elitefts™ Sunday edition
Standing in the gym this morning, I had an overwhelming feeling that there was no way to get everything I had planned for the day finished. I needed to train 30 or so athletes (or there about) and I had to rehab my shoulder and hamstrings. My bride needed her training supervised and spotted and my son need attention, too. Not only those things, but also my puppy needed attention and I had to make sure it didn’t have a “puppy accident,” while watching the strength practices from the lifting platform.
THEN, I needed to train myself and get home before Team Selkow went to a luncheon for a friend. With hockey practice looming in the not-too-distant future (tonight at 6), I was already planning dinner and getting to bed and it wasn’t even 6:30AM.
Definition of OVERWHELM
2a : to cover over completely : submerge
Examples of OVERWHELM
- Don’t overwhelm him with facts.
- They were overwhelmed with work.
What I needed to do was stop for a moment and realize that I should be happy about where I was, with all the activity that surrounded me, and focus solely on the task at hand.
“Yesterday is a cancelled check, tomorrow is a promissory note, today or right now is the only cash we are truly dealing with.” ~Unsure.
Or in other words, the reason “NOW is called the present…because it is a gift,” began to ring louder and more clear.
I stopped! I focused on my immediate and most important task. Note! Task, singular and focused. I left the urgent for what was important. I began to live for the people that I was training at the hour. I began to focus wholeheartedly on their needs, and NOT what I needed to do in the next hour. I saw clearly the changes that had to be accomplished in the flawed movements of some, and I reveled in the effortless manner of others whom have perfectly honed their skills.
I coached both my wife, and child in seemingly timeless effort. I sent them off to their day of friend and food with smiles and pats of congratulations for jobs well done. I managed to focus on my broken body parts and fortification of otherwise healthy ones, without so much of a thought as to where I needed to be next.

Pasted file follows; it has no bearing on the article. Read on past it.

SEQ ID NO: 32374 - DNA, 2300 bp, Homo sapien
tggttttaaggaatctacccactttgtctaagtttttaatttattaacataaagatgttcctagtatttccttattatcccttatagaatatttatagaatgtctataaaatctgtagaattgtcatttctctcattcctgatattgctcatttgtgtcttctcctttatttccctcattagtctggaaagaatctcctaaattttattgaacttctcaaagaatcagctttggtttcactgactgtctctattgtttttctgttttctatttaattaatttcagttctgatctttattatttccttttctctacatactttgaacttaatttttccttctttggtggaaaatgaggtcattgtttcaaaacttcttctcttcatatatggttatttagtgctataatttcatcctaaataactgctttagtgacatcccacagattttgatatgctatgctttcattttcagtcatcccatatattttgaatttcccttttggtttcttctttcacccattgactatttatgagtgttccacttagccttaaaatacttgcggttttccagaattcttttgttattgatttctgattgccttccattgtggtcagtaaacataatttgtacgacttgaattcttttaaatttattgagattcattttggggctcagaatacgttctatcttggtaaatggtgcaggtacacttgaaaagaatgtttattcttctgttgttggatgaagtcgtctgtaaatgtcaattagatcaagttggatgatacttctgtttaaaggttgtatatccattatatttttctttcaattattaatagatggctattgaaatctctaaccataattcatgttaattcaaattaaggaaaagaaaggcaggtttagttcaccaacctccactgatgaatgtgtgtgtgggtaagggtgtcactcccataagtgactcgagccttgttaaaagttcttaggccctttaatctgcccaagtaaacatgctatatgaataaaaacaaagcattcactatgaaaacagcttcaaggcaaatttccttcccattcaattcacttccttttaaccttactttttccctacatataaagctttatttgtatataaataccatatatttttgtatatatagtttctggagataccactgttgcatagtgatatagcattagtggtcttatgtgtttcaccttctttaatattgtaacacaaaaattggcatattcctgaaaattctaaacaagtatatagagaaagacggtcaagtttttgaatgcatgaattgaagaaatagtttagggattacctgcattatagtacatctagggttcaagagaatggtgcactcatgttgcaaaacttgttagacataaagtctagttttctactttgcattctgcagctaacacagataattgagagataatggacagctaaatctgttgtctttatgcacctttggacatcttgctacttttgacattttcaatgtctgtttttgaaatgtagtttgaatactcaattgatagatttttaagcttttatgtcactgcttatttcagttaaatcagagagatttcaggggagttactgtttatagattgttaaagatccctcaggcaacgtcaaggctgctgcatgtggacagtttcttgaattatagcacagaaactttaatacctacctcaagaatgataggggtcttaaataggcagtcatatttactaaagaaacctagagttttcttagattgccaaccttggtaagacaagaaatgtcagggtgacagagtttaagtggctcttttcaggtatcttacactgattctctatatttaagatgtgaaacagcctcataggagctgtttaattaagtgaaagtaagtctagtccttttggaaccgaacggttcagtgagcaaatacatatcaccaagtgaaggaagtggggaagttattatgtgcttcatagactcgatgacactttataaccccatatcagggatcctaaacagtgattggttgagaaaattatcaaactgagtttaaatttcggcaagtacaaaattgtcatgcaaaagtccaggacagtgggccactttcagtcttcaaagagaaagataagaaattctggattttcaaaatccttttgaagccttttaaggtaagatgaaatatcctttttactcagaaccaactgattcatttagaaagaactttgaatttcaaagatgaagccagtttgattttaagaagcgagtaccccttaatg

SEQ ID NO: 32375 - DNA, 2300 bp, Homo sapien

Where I needed to be, was right where I was.
I began to think, how often I’ve been guilty of either living in the past, to predict my future, or how much time I devote to conquering distant goals?
I can’t change the things in the past. I realize they are what brought me to this very place and very time, even as I write this on my computer. I am thankful for all the things both good and bad, which have allowed me this moment. All of my past experiences are the summation of decisions that shape my present.
I don’t want to focus aimlessly into the future.
“A man without a plan is like a ship without a rudder, destined for disaster.”
I will continue to write goals and objectives to meet those goals. However, I won’t stress the small deviations that occur and take you from that path in order to find new and very cool (or not so) things serendipitously. No, instead, embrace those moments that seem as if they are stressful deterrents and place them into the “stuff happens” box. Whether good or bad, it is the experience that we are after. It makes for more interesting conversations. too.
Live for the Moment
Living for the moment you are in right now, allows for time to stop, or fast-forward. It takes the idea of multi-tasking away. (That stuff doesn’t really work anyway.) It gives you laser-like focus, and allows for completion of things that are important to YOU, and not-so-urgent to others.
Being present gives you a clearer picture of the successes you obtain in the gym. You aren’t anywhere else. You are in the gym, not at work, not checking your Twitter, Facebook, or e-mail, you are focused on weight lifting destruction. Being present in your relationships builds a stronger bond. You aren’t thinking about your committee meeting next Tuesday. You aren’t thinking about the missed lift last Friday. You actually hear AND listen to whom you are with at the moment.
When my son says “Dad!” I answer, “yes?” What do you think that boy will remember when I’m gone? That I answered every time, and that answer was YES. What do you think he will answer the call of HIS son with? (Oops! I think I slipped into future mode. I didn’t say it was easy to be in the present). It takes practice. You are given as much opportunity to practice, as there are seconds in the day (or night if you count that too).
Take the next moment and live in it. Take the next meeting and be in the meeting. Take the next training session, and give that 100 percent of your focus. Try commuting home and actually THINK about the commute, and not just arriving.
You might get a LOT more out of what you are living for.